It's non unusual for men to embrace the responsibilities of fatherhood for the children of their partners, with or without a formal adoption. Fathers may also assume responsibility by signing the birth certificate of a non-biological child, or by a signed a voluntary acknowledgment such as a certificate of parentage. Problems can arise, however, when the parents divorce or separate, and the father objects to paying child support for a child that is not his. The dilemma here is that the father was aware that the child was not his, and still chose to assume the role of a parent.
If the father was aware that he was not the child's biological parent, the doctrine of equitable estopple may be applied in order to prevent the father from denying child support or seeking reimbursement. In essence, equitable estopple is a legal remedy that stops one party from asserting rights and legal options, to which they would normally have access. The reason for denying these rights and legal actions would be based on the party's former words and conduct, which are contrary or inconsistent with the rights they are claiming. Hence, a litigant who voluntarily signed a birth certificate or certificate of parentage, knowing that he was not the father, may be stopped from terminating child support based on equitable estoppel.
This is quite different than a case of paternity fraud, in which a man was clearly misled into believing that a child was his. In that case, the father may seek relief under The New Jersey Parentage Act, although suing for reimbursement from the mother is tricky, since the support legally belongs to the child. Still, the law does allow any person who financially provided for a child under fraudulent circumstances to apply for reasonable reimbursement of support expenses, but such actions must be brought within 5 years of the child attaining the age of majority (18 in New Jersey). Generally, the process begins with a paternity test, which is pretty much the only way to overcome the presumption of parentage as established under N.J.S.A. 9:17-43(b). The parties can submit to testing before the filing of the paternity suit, but there are many cases in which the mother refuses to have the child tested, or disputes the test results. These issues are discussed at a “consent conference”, which is normally scheduled after the paternity filing. After hearing from both parties, the court will either issue an order for testing, or dismiss the request for testing.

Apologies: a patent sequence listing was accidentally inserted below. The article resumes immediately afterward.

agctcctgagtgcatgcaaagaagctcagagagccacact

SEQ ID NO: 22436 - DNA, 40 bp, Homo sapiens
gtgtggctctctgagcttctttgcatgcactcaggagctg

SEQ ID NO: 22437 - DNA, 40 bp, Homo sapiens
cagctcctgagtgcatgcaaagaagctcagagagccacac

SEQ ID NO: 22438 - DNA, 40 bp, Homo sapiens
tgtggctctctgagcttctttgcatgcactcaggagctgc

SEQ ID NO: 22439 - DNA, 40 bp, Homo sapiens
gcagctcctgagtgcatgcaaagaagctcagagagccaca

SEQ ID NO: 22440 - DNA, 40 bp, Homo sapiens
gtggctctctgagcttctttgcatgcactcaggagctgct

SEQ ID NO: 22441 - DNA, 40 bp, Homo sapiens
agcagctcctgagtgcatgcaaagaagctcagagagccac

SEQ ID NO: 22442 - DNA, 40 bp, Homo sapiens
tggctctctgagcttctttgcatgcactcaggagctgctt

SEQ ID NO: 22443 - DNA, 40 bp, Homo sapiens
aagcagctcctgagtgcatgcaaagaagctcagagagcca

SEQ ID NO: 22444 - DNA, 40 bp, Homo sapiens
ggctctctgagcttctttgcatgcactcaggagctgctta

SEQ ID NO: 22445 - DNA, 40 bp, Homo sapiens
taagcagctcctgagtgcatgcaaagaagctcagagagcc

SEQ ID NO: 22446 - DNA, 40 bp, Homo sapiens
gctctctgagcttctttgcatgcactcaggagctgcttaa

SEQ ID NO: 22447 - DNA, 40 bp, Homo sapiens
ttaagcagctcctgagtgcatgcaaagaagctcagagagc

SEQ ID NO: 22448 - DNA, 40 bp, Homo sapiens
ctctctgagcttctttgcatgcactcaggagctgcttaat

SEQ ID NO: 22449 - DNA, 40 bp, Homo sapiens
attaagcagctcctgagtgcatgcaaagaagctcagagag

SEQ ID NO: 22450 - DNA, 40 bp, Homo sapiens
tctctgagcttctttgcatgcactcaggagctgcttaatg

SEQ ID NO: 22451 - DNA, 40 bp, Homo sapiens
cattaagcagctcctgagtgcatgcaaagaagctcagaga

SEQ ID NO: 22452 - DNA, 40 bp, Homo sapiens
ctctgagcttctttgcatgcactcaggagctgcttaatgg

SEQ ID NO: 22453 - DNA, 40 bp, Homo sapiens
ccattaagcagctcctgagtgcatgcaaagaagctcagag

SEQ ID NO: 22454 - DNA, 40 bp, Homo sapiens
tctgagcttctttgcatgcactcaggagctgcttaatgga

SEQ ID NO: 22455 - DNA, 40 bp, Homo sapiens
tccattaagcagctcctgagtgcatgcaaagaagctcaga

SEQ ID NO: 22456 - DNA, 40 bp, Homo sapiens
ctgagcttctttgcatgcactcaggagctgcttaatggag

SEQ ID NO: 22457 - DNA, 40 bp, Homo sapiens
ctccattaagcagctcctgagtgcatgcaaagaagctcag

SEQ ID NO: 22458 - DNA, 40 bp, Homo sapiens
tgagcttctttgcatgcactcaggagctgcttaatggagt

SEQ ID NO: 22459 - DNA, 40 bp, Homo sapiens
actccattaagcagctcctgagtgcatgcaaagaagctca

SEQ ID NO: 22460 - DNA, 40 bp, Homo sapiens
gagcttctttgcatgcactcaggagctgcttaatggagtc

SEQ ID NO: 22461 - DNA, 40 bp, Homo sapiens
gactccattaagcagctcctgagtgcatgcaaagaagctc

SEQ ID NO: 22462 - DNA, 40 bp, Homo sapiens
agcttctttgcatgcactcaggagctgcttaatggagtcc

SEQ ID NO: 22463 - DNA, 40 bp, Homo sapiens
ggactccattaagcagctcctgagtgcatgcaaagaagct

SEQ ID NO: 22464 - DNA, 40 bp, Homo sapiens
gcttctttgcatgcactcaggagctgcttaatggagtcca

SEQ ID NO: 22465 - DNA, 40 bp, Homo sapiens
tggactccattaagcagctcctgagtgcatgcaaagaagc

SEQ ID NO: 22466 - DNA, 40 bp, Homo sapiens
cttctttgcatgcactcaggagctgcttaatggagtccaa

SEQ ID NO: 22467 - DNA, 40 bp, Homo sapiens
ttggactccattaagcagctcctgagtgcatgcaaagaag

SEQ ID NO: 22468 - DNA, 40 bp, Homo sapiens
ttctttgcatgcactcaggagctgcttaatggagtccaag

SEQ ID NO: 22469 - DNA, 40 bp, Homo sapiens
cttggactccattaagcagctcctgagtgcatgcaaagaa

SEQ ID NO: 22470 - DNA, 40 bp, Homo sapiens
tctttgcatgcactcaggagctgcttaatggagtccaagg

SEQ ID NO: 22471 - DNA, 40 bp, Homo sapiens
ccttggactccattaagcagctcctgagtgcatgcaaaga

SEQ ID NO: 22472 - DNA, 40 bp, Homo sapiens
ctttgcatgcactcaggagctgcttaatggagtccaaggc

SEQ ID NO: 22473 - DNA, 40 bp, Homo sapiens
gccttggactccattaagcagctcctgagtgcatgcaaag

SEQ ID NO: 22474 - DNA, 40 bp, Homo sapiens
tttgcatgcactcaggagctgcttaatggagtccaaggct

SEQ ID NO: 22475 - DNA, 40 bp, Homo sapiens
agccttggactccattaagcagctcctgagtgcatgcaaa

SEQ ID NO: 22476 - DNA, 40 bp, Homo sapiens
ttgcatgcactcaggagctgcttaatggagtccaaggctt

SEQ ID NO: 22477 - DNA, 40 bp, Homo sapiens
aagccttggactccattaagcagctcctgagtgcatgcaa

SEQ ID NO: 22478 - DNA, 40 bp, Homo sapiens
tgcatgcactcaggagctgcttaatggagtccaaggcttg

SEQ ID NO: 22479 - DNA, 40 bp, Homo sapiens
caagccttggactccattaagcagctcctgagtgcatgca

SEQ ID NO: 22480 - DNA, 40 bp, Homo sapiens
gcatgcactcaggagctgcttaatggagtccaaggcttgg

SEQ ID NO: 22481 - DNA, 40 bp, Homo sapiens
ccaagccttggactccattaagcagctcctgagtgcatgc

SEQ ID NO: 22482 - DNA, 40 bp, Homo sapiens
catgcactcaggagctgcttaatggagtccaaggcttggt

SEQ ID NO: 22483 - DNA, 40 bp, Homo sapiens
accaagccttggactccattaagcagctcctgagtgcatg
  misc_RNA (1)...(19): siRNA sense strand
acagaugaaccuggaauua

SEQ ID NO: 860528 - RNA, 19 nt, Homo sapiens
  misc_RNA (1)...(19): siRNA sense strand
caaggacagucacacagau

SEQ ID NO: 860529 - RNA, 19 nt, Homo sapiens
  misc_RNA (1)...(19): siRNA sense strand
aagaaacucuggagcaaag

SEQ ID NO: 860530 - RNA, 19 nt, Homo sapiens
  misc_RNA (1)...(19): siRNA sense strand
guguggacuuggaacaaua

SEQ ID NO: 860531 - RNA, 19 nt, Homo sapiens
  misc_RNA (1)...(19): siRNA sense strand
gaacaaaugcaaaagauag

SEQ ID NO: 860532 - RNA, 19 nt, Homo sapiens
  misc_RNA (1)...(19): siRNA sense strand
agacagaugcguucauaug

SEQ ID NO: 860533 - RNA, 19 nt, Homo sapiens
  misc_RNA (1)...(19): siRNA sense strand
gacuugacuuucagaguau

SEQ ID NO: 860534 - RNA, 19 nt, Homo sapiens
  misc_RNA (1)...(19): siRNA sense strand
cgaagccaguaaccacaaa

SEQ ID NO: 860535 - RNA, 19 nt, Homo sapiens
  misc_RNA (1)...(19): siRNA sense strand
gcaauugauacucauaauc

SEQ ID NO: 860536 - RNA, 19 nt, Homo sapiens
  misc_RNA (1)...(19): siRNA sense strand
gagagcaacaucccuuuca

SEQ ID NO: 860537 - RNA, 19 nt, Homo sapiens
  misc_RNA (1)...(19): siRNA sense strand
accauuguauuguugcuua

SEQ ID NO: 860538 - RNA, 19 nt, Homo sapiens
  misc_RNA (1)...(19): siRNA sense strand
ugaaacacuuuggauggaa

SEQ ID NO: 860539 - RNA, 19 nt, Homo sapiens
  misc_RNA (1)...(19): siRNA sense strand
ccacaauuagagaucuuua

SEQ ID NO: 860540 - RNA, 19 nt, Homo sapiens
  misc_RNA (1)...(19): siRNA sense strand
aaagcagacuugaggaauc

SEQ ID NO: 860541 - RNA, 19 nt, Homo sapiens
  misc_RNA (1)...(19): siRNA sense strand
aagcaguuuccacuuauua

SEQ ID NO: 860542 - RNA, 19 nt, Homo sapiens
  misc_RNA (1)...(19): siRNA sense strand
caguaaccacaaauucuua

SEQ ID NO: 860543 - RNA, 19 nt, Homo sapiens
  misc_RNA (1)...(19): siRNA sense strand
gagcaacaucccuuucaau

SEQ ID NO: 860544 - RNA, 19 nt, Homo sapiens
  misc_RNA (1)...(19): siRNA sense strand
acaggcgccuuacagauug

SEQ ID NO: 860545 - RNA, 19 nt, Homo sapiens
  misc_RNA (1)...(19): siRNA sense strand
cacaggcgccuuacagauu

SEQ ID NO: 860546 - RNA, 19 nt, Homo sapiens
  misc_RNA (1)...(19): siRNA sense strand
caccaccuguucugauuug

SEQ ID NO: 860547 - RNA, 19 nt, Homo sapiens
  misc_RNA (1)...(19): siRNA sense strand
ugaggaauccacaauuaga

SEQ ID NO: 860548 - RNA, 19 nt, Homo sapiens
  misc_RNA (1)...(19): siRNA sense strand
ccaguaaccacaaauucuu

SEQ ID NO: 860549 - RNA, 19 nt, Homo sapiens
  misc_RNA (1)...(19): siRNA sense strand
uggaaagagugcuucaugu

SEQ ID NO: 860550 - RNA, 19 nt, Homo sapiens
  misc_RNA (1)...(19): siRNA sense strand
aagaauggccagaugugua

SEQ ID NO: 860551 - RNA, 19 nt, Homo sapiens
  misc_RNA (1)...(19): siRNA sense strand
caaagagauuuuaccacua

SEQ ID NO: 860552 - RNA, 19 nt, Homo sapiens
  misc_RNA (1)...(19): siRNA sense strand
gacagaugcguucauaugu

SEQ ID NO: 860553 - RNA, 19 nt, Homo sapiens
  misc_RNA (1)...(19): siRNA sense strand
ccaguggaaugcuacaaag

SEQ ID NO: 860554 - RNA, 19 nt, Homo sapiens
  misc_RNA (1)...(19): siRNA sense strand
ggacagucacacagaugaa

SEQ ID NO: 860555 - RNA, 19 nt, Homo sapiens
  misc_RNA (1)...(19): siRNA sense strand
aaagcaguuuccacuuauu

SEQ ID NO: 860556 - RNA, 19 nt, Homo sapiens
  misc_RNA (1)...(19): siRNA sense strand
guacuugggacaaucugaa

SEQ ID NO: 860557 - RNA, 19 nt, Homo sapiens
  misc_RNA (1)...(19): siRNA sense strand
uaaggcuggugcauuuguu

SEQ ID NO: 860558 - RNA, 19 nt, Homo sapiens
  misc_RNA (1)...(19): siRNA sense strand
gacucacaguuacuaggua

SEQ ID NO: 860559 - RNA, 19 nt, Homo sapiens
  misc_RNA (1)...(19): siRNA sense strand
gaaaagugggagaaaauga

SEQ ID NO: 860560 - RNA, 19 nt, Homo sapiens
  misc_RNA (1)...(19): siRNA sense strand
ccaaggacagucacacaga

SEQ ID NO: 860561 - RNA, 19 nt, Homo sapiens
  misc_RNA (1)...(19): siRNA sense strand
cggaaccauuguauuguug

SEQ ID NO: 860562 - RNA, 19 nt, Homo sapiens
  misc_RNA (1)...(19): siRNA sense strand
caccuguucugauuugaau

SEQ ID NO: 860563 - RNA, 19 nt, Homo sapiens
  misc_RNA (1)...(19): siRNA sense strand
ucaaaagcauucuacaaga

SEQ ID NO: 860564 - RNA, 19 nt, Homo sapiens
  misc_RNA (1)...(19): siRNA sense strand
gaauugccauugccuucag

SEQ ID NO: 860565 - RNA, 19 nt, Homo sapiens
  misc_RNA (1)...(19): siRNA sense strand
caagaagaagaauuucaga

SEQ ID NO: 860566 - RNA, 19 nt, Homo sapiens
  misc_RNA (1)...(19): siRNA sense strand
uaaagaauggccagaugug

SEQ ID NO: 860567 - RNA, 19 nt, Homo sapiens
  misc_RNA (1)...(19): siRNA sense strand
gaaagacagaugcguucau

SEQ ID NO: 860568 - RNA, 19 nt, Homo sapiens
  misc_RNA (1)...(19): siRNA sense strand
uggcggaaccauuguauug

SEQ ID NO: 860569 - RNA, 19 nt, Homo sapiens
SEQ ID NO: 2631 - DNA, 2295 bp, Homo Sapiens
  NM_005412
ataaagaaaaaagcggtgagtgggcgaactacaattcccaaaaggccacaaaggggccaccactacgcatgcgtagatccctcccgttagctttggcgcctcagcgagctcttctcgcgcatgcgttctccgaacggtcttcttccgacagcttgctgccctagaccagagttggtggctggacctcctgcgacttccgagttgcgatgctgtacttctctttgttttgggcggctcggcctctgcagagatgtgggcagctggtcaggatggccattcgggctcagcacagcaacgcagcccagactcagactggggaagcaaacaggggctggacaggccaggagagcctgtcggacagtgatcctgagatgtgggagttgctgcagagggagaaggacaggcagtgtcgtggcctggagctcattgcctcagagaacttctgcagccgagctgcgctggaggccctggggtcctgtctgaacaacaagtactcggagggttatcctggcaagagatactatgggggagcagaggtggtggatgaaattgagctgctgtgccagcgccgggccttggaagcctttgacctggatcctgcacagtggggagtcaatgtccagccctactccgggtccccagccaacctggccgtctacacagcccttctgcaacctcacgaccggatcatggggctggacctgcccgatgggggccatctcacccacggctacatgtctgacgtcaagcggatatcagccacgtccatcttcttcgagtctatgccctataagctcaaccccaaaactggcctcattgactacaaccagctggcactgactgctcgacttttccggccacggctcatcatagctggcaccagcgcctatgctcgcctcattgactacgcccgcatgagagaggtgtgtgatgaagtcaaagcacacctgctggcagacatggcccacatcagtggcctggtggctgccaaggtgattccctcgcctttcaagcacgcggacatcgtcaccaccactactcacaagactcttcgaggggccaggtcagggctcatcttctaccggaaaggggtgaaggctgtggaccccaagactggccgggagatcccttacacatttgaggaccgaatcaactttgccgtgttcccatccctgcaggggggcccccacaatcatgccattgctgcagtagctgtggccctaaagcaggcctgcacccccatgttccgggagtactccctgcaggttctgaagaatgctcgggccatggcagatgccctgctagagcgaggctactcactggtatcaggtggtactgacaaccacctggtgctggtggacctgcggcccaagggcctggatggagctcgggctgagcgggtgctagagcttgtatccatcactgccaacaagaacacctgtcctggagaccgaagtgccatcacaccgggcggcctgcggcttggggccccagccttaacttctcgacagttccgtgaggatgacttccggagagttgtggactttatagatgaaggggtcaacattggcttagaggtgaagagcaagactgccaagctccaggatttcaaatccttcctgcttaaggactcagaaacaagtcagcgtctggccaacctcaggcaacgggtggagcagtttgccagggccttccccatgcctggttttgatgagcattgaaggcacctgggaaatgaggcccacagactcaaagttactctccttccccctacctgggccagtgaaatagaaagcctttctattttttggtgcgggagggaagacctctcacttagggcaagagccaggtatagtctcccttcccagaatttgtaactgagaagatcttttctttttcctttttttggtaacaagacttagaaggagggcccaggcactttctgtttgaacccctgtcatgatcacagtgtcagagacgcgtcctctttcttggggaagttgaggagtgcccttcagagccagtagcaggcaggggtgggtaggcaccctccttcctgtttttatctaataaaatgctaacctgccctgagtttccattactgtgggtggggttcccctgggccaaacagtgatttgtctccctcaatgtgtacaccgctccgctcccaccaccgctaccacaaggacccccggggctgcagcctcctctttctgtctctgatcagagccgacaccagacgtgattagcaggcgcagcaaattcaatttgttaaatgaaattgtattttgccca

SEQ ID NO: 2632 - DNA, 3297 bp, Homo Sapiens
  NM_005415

The consent conference is often the most challenging aspect of any paternity suit since both sides will need to establish “the reasonable-possiblity threshold of paternity or non-paternity” prior to genetic testing, according to N.J.S.A. 9:17-48(d). Thus, it's important for to work with an experienced attorney if you have reason to doubt that you are a child's biological father. For more information on paternity suits and child support reimbursement rights as a non-biological father, please contact the attorneys of Villani & DeLuca, P.C.